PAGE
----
The Knights Templar: Not only do the original Templars show up, but The Knights Hospitallers and The Teutonic Knights make an appearance as well. It's random whether or not you get them (see the Thieves' Guild example below), but to start, they'll approach you about setting up a small Chapter house in your province. Accept, and you can recruit from the order in limited numbers. If you're really lucky, the Grand Master will set up his order's HQ in your kingdom.
Last of His Kind: The Teutonic campaign in the Kingdoms expansion allows you to play as the Lithuanians, the last pagan people group in Europe. While this grants them access to uniquely pagan units, it also makes them a primary target of the Teutonic crusaders. You can defy this trope by converting to christianity, which is as easy as pressing the yes button when the option comes up.
Dreaded generals, regardless of nationality. "ORDAH ME NOT!!! I'M BUSY TORTAHING CAPTIVES!" Chivalrous ones as well, sometimes. "GOTT EHRE VATERLAND! TO BATTLE!"
When you send a priest to execute a heretic or witch: "MAY GOD EXPOOOOSE THE UNCLEEEEAAAN!"
The video that plays when a crusade is called: "It is time for the armies of Christendom to put aside their differences and unite under one banner, the sign of the Cross, and give back God's children what is rightfully theirs... OR DIE TRYING."
Leeroy Jenkins: Some infantry units will charge without being ordered. Most of the time this is what you were planning to do in the first place but sometimes it will mess you up like a unit charging to the other side of the battlefield up a hill and arriving tired or opening the gate to charge opponents on the other side instead of letting archers take potshots at them first.
Portugal. In the early game, they have good militia and skirmisher units, but that's about it. By the end, they have the best unit roster in the game along with Spain.
Scotland starts off very poorly to say the least. One impoverished town province at the start, bad archers, bad cavalry, no gunpowder units at all and respectable but not exactly remarkable melee infantry. The Scotland faction at first resembles the half-finished barbarian factions from Rome: Total War, and usually under the AI, they just get steam-rolled by England in the first few stages of the game. However, if you hang in there, the rewards are great. Highland Nobles are amazing heavy infantry for a low price tag, Noble Swordsmen are Dismounted Chivalric Knights but cheaper and on steroids, Noble Pikemen are the second-best pikemen in the whole game, Highland Noble Archers provide decent ranged support once you have the industrial and logistical base to make a good number of them, and Scotland's decent cannon options blow gaping holes in enemy lines and render the mightiest wall a joke.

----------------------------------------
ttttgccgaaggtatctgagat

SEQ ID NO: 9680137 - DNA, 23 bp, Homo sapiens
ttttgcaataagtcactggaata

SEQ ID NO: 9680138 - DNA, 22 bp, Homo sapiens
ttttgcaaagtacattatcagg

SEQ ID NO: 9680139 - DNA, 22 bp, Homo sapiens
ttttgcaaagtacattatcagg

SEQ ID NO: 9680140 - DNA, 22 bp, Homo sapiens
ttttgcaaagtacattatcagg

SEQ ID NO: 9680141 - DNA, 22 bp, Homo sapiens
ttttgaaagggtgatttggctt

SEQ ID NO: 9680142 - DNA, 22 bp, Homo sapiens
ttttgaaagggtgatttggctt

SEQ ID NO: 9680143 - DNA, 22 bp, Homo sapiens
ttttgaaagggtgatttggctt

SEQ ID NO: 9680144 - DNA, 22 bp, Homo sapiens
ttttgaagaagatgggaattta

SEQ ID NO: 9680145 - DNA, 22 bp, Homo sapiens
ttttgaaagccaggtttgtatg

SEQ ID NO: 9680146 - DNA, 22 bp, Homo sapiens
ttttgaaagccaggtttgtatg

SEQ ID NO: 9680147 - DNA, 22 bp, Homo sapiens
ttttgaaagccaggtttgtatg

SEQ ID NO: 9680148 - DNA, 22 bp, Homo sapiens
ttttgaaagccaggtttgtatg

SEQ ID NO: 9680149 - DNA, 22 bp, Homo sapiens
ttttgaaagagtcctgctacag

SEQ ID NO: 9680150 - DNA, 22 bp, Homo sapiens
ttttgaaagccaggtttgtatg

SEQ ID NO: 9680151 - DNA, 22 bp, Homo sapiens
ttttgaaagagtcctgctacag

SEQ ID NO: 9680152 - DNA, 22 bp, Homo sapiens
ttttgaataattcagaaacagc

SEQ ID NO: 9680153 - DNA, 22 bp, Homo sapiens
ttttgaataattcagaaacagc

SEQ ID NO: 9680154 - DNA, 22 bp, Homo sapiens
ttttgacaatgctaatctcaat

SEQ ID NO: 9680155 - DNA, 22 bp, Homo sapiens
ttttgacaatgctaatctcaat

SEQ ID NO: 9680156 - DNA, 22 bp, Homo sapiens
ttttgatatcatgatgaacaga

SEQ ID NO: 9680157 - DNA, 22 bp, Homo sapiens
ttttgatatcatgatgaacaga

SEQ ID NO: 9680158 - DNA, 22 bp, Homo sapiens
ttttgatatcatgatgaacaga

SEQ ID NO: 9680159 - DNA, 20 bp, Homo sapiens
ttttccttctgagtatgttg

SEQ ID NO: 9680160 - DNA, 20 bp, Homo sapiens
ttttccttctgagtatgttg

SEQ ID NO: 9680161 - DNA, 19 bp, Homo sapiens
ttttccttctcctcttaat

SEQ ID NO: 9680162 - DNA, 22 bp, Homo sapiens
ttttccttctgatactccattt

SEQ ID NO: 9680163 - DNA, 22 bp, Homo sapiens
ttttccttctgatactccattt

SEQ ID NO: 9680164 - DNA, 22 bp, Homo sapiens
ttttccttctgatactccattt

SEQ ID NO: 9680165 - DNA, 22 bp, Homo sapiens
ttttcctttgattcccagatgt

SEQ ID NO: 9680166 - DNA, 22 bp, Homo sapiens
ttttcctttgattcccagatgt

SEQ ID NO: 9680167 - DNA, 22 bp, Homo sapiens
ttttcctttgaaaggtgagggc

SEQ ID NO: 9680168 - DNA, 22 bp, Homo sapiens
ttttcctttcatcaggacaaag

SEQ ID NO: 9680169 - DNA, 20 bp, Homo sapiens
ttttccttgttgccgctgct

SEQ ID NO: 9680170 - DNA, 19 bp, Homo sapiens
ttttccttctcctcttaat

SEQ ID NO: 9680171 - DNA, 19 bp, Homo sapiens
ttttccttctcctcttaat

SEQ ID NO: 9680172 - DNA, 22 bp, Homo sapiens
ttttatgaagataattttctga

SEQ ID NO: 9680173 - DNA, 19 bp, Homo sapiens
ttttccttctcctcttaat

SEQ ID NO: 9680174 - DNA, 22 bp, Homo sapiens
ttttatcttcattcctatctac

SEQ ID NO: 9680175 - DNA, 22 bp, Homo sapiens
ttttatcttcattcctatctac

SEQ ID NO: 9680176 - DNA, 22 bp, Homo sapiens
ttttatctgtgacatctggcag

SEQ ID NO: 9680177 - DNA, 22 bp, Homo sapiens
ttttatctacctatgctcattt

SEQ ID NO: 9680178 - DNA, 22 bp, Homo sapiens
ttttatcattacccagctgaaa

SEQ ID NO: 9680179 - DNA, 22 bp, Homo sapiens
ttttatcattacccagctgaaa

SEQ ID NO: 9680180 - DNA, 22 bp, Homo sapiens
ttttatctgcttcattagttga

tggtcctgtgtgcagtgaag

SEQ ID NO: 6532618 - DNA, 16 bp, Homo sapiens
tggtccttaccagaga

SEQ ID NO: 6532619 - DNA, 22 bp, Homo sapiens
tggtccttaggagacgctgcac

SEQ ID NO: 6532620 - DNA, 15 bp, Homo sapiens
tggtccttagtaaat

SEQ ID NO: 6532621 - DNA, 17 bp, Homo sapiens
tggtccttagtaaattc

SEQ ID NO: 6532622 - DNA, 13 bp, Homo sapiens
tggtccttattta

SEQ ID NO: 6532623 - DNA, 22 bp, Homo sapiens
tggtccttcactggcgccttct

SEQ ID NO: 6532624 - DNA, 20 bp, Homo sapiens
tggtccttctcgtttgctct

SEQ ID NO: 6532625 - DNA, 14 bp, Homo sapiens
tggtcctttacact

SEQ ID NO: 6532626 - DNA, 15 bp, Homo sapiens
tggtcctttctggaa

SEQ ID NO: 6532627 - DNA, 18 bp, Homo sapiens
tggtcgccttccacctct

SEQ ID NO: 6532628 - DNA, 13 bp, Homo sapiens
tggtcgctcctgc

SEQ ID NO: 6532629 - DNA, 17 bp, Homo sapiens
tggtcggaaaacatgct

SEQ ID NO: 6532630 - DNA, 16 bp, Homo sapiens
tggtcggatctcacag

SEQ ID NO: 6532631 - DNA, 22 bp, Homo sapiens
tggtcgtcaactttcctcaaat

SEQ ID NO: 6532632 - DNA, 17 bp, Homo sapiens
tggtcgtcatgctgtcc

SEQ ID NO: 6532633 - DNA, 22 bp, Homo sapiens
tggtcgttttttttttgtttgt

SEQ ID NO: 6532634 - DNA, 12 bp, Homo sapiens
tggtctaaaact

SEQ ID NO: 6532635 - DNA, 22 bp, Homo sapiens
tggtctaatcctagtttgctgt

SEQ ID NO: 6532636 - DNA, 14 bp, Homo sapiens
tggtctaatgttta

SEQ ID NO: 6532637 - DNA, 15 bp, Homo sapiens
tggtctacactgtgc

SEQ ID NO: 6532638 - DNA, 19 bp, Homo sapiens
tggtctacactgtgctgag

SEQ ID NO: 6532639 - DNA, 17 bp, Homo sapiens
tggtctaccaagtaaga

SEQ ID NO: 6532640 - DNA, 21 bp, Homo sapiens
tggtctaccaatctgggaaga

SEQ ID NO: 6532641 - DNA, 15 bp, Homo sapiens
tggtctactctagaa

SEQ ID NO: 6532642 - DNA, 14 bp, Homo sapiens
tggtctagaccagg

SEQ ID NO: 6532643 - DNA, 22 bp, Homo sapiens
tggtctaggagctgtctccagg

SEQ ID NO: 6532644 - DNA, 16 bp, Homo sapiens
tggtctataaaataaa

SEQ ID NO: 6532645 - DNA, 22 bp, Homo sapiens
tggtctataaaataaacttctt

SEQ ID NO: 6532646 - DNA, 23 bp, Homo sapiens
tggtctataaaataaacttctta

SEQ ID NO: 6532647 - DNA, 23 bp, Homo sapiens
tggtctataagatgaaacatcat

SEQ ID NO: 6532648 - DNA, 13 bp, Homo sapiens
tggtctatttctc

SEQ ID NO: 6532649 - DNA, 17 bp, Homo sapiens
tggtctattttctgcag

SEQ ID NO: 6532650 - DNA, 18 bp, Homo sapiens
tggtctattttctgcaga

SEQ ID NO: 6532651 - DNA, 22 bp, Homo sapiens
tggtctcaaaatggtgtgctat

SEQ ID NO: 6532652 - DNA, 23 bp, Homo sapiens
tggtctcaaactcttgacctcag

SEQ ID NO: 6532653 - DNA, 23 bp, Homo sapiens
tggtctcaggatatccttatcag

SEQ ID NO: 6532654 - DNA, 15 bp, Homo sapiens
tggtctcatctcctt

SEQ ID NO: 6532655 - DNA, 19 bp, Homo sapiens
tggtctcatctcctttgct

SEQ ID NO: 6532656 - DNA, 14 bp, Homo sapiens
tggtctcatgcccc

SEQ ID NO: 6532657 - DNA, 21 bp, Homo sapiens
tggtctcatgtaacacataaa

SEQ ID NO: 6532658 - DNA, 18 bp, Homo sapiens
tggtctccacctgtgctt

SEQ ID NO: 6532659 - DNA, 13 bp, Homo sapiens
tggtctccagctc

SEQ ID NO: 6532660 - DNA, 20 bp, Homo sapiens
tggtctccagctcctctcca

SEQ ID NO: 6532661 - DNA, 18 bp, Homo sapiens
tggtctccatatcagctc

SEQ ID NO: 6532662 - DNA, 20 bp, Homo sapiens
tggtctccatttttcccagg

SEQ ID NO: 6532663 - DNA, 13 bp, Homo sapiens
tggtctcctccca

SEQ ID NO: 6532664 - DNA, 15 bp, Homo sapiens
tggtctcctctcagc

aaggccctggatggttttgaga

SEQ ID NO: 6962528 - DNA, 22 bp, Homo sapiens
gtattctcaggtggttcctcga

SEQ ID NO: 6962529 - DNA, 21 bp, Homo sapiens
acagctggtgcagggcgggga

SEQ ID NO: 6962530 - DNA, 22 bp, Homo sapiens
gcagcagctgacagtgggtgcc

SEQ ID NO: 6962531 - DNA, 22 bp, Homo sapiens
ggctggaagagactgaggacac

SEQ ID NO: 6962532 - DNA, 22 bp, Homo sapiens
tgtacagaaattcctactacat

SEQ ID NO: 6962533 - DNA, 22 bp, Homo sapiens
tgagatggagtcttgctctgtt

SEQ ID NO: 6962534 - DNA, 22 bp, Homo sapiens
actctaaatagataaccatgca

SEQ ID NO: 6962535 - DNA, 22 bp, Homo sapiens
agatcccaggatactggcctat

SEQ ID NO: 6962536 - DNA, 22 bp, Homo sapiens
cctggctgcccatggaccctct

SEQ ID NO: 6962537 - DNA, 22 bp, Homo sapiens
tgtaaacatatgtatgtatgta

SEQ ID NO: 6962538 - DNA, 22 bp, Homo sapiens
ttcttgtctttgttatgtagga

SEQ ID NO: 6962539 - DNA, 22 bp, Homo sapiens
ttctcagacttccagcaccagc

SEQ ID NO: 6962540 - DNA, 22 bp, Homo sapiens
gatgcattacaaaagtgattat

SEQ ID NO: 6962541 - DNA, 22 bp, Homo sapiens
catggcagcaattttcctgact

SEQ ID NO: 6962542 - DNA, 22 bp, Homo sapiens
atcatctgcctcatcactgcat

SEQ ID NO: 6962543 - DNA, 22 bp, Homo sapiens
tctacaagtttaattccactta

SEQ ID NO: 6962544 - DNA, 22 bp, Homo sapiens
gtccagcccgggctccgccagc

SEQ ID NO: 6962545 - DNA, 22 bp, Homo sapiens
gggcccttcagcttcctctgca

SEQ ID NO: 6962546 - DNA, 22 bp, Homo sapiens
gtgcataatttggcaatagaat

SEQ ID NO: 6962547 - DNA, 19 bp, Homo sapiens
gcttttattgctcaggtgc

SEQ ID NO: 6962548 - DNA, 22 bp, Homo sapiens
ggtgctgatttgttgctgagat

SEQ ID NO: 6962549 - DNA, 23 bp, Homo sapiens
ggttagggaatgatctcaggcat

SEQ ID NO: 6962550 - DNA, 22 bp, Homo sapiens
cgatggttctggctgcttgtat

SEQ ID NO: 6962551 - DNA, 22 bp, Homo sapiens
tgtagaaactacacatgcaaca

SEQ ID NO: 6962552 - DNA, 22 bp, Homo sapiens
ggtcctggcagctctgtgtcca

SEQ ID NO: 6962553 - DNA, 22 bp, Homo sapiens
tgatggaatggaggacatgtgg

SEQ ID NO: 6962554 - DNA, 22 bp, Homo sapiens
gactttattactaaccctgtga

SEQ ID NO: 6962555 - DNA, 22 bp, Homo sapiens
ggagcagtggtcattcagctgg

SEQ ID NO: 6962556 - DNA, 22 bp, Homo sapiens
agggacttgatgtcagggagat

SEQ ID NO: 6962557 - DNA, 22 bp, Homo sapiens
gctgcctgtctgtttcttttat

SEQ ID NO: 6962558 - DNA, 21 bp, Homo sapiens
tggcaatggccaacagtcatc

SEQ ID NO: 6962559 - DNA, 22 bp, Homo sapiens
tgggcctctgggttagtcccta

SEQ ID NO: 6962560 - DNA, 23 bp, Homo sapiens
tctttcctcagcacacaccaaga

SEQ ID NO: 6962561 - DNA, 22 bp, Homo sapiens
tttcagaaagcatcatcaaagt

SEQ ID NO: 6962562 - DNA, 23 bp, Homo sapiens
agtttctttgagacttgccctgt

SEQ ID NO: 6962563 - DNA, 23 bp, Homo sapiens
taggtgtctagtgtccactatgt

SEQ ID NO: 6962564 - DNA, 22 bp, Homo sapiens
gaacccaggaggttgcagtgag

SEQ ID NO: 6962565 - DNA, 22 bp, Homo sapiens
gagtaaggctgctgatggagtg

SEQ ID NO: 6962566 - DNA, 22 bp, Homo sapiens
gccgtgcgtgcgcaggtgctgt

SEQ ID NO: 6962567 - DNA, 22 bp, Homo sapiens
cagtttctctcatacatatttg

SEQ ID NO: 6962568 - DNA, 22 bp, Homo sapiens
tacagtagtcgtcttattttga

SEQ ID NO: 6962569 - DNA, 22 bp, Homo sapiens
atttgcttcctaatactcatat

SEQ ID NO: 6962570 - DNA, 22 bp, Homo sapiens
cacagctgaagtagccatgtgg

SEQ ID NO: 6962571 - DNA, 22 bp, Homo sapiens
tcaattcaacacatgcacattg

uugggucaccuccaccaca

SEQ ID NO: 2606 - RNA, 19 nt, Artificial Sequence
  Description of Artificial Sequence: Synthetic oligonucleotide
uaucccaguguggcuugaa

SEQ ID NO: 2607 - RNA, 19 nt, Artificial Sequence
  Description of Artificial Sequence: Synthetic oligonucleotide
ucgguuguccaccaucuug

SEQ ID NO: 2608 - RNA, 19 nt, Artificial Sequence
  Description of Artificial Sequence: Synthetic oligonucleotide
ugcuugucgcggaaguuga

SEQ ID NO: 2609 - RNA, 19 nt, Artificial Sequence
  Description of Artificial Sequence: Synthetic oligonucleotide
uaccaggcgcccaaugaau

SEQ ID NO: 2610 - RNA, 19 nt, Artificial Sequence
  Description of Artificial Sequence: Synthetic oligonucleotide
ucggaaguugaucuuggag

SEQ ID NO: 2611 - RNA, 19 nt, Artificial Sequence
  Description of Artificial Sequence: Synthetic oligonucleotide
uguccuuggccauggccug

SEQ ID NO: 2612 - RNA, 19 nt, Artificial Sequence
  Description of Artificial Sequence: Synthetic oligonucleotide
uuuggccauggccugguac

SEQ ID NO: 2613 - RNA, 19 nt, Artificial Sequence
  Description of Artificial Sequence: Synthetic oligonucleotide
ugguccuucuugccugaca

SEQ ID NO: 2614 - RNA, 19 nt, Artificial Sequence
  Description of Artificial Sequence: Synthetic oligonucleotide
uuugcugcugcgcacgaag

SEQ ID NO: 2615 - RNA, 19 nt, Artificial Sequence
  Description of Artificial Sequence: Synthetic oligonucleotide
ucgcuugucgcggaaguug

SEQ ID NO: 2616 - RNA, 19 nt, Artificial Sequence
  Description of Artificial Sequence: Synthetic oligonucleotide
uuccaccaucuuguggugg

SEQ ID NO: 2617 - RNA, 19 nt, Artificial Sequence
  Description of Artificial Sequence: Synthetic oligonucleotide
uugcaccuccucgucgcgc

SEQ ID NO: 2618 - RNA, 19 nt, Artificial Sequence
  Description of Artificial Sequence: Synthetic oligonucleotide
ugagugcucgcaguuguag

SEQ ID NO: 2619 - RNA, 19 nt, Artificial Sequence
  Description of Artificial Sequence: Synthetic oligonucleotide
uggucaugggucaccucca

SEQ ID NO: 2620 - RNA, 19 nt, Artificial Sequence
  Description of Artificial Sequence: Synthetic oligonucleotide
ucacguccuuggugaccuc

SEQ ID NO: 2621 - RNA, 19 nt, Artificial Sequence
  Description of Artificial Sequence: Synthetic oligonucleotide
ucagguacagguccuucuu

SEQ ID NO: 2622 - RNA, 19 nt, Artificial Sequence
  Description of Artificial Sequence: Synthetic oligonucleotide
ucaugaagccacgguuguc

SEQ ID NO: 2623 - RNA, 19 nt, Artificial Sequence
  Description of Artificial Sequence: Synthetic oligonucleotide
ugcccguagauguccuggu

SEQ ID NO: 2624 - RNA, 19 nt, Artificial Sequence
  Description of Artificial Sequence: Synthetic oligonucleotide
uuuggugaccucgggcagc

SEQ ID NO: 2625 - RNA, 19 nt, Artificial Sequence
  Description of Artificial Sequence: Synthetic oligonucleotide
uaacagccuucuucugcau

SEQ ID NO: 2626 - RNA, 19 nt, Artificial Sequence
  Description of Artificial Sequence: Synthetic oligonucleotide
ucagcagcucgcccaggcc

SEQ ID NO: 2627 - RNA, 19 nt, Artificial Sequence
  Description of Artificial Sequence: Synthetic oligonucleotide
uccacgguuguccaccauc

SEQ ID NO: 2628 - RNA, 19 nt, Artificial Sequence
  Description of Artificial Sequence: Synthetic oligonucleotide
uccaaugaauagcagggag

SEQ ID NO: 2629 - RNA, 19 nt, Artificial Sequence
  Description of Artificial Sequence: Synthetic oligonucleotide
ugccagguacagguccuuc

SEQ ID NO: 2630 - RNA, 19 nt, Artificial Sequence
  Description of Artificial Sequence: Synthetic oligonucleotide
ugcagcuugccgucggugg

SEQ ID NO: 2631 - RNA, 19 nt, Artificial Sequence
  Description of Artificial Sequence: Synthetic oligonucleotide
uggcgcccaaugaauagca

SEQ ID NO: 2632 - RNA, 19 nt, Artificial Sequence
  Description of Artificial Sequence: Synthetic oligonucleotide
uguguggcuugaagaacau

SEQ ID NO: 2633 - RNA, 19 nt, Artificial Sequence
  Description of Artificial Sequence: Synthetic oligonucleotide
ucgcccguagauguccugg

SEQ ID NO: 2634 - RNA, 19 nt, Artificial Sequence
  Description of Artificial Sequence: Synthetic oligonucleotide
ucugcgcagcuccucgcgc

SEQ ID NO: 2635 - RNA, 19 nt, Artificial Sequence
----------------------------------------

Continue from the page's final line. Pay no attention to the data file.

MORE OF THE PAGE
The Russians. They start off with a handful of relatively poor territories close to the map's edge and early unit roster that isn't all that special. This also makes then potentially easy prey for the Mongols once they show up unless the player really builds up their defenses. But should they persevere, Russia proves to be a force to be reckoned with. In addition to having much more solid soldiers later on like the Boyars, they also have access to musketeers automatically the moment they max out their city walls.
The Magnificent: Generals can gain these type of epithets, dependent on their character traits (and, indirectly, success as a leader). They range from the embarrassing ("the Cowardly" or "the Cuckold") to the admirable ("the Just", "the Kind") to the impressive ("the Brave", "the Great", "the Mighty") to the hilarious ("the Lewd", "the Queen", "the Idiot") to the downright terrifying ("the Bloody-Handed", "the Tyrant", "The Lord of Terror"). Sadly, the game only ever uses the most recently acquired epithet, making it entirely possible that a general goes from "the Conqueror" to "the Mean".
Mata Hari: A princess that makes a family member or a general elope.
Mayincatec: Refreshingly averted in the Kingdoms expansion, where it's repeatedly shown that the Mayans and Aztecs are two very different cultures (the Incas don't appear).
Mercy Rewarded: Releasing captives after a battle gives a general chivalry points, which help improve popularity and morale.
The Middle Ages: As the title suggests, this game mainly takes place in this period.